Where there's a will, there's... Maka!
Search for a person or deed which would overshadow the high-spirited and kind person which is Maka is completely futile. Multitalented and industrious, this 17-year-old girl from the SOS Youth Facility Tbilisi charms with her resourceful nature and positive spirit.
In the past two years that she's been living at the youth facility, Maka spent every other weekend with her SOS family. She fondly remembers the time she lived at SOS Children's Village Tbilisi and lovingly speaks of her SOS mother. "She taught me to look forward and not hold any grudges," says Maka. "It's only when you forgive and let go of the past that you can strive ahead."
True to her words, Maka spends the weekends in between with her biological family*. She helps with the care of her ill grandmother and assists her mother with the housework. "I don't find it hard, they need my help," says Maka holding back a tear at the thought of her father. "Everyone has the right to happiness," she says after a pause. "But, if you have children... you shouldn't forget about them..."
Leaving painful subjects behind, Maka turns to talking about her life at the youth facility. "I get along great with everyone, both youngsters and educators," she smiles charmingly and adds with a laugh, "Which I find rather strange 'cause I'm very opinionated and never hesitate to express my opinion."
Her friends make up for her modesty: "Oh, she can do wonders with old clothes," says Ana. "And the way she accessorizes, whoa!" adds Maria. "When she takes over organising a picnic or field trip or even house cleaning, I know we'll all do our part smiling," admits Mikhail. "She's an inspiring leader and efficient team player. In addition, she's independent and ambitious. The sky is the limit for her," finishes youth leader Temur.
Independent and ambitious
Maka understand the value of education which was the focus of a feature story in a Georgian monthly cultural magazine called "Hot Chocolate". Here's what the readers found out about her:
"I study aviation at the Faculty of Tourism Management. In my spare time I take a course in Latin American dances, though I like any music to which I can dance. ... I plan to find a job in September. I believe working while studying will allow me to experience freedom so I can provide for myself soon. I think everyone is capable of achieving success. It's all up to us. Whatever I do is my own deed, good or bad. I don't like it when people fall under the influence of others and lose their identity."
Maka's plans for her future include successfully obtaining a college degree, finding a stable, well-paying job, having a cosy home and - attending the carnival in Rio de Janeiro! "If I could attend the carnival just once, I'd be the happiest person in the world," she admits.
Everyone around Maka is convinced she'll accomplish all her plans for she has the will to always find a way. Recently, Maka was alone at the youth facility when someone knocked at the door. She answered to a girl of approximately her age with a desperate look. "Could you spare some change for bread?" the girl asked.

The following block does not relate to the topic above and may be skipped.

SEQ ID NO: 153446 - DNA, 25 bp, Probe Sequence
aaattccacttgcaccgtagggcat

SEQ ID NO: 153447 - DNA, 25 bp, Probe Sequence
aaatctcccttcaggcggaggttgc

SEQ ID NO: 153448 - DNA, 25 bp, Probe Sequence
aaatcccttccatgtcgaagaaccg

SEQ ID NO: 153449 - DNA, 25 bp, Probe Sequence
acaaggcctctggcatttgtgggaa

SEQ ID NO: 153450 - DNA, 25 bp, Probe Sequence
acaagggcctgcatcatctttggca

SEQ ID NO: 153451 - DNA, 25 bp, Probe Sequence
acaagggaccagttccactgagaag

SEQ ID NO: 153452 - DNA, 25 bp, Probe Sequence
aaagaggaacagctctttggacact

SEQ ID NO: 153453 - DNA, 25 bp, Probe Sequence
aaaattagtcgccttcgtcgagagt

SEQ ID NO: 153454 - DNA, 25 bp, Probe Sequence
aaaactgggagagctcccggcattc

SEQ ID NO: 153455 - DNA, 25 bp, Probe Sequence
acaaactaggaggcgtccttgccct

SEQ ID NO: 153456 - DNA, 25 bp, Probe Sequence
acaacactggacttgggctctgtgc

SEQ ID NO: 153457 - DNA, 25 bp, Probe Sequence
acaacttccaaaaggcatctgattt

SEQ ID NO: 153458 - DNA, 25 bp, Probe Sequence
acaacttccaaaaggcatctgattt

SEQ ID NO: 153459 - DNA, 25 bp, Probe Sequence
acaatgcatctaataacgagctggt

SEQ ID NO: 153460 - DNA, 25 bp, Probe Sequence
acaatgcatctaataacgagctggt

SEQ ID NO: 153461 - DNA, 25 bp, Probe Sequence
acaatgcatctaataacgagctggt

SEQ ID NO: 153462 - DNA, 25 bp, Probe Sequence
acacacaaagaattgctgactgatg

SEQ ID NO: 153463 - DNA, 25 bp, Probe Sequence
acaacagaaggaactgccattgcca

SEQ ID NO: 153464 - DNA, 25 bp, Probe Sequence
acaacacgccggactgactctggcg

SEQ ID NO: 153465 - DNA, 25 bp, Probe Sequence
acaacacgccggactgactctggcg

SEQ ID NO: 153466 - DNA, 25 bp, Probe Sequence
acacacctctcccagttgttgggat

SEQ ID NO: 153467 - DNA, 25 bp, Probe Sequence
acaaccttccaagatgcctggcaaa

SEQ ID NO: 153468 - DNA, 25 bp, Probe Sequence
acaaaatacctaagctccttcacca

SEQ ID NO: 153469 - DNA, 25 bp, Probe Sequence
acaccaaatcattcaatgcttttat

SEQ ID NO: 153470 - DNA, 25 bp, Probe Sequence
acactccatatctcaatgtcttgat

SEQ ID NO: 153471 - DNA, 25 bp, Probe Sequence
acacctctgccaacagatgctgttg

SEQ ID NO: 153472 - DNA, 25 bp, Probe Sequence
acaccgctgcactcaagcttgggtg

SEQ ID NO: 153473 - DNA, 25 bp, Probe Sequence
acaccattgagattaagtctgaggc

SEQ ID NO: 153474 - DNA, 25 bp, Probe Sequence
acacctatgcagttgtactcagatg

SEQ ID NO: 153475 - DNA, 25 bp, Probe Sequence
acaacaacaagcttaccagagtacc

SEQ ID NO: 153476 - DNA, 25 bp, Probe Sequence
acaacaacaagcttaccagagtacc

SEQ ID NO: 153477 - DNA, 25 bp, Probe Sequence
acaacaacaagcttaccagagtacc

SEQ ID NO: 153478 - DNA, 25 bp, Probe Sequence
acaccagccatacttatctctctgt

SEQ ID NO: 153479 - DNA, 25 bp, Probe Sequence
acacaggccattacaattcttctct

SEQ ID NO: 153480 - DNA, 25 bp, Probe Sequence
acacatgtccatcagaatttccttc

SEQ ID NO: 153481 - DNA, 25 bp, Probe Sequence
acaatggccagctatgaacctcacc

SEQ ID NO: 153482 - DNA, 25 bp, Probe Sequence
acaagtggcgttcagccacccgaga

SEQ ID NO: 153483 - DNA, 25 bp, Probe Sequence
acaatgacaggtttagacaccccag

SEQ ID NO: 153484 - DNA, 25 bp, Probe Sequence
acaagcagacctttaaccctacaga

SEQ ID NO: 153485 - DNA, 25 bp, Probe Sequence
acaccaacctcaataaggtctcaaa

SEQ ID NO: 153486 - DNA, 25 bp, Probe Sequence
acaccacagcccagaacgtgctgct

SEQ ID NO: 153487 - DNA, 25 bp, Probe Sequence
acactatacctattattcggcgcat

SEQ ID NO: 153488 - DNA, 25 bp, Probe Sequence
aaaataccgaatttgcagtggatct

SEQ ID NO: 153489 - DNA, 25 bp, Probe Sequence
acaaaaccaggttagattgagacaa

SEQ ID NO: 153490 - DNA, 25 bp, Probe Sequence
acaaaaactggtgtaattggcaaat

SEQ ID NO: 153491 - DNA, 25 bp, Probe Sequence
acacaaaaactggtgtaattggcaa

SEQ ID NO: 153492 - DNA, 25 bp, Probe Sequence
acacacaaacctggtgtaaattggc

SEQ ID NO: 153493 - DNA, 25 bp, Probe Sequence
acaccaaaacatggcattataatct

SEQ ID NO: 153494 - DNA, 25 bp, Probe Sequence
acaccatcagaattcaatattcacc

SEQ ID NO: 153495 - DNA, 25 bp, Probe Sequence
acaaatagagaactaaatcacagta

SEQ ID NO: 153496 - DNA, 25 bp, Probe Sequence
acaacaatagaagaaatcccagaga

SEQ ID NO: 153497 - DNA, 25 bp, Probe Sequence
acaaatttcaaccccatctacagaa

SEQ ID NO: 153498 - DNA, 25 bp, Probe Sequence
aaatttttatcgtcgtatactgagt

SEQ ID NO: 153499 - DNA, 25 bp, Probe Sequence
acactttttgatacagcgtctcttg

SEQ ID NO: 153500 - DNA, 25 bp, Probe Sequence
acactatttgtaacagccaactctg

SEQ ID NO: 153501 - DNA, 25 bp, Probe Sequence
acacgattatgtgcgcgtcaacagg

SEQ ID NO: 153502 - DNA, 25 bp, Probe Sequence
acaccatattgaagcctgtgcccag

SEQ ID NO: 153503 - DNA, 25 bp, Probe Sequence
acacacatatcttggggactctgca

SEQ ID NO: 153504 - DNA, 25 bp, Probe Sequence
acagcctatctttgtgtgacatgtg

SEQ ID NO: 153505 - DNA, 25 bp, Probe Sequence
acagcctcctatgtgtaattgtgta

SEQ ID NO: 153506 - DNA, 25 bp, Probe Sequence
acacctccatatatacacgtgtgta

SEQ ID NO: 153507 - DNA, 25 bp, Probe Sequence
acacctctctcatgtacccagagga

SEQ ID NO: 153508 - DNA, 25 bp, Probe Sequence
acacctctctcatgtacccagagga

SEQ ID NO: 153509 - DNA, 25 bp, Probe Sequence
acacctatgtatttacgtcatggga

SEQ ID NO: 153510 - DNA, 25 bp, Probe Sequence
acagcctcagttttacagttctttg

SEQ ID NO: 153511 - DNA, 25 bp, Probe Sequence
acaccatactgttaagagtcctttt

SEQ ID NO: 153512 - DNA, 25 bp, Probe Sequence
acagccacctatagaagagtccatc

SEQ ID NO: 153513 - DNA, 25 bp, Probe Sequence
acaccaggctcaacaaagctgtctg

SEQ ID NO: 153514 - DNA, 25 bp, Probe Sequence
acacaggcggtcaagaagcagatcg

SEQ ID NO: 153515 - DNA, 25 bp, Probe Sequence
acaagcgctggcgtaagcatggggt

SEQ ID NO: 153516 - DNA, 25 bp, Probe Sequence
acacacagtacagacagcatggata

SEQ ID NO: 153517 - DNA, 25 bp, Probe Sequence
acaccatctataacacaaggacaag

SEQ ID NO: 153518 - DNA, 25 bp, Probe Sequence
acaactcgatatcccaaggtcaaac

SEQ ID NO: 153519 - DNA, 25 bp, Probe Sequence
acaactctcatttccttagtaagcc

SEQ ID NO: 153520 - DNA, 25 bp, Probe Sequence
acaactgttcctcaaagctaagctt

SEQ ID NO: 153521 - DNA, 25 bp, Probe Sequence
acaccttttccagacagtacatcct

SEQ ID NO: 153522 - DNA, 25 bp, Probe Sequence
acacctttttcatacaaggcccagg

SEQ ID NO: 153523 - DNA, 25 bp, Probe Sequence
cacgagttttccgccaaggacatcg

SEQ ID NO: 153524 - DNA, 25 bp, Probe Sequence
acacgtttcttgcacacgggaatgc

As Maka was handing a few coins the girl asked what kind of place this was looking at the blue [SOS Children's Villages] logo. "I told her it's a home for youngsters from disadvantaged families," explains Maka adding "And then she handed me back the money."
The girl told surprised Maka that she lives in the suburbs with her little sister and alcoholic father. The mother left them years ago. The sisters used to live in orphanages, but ran away escaping the terrible conditions. Now she was begging to survive, but not at the expense of other disadvantaged children.
"I realized the unknown girl wouldn't take any help from me, so I played a trick and told her that since she was here she could help me sort out some of my old clothes which I planned to donate to the church that afternoon," explains Maka. "I knew she couldn't say no to me."
When the two were done with the clothes, Maka invited the girl to stay for lunch: "'I hate eating alone,' I told her," smiles Maka. After lunch the girls went to the nearby church. Maka bought two candles and gave one to the girl. They lit them each making a wish.
"When we came out [of the church], I told the girl that my wish was for her to allow me to give her my old clothes," says Maka and adds with a glitter in her eye "she nodded and said that her wish was to have one more sister, one just like me."
* SOS Children's Villages is convinced that maintaining ties to family members is crucial when it comes to a child's well being and promoting his/her further development if the SOS child still has biological parents and/or close relatives and if there are positive emotional connections between the SOS child and his/her relatives. This is why we support SOS children in keeping in touch with their relatives.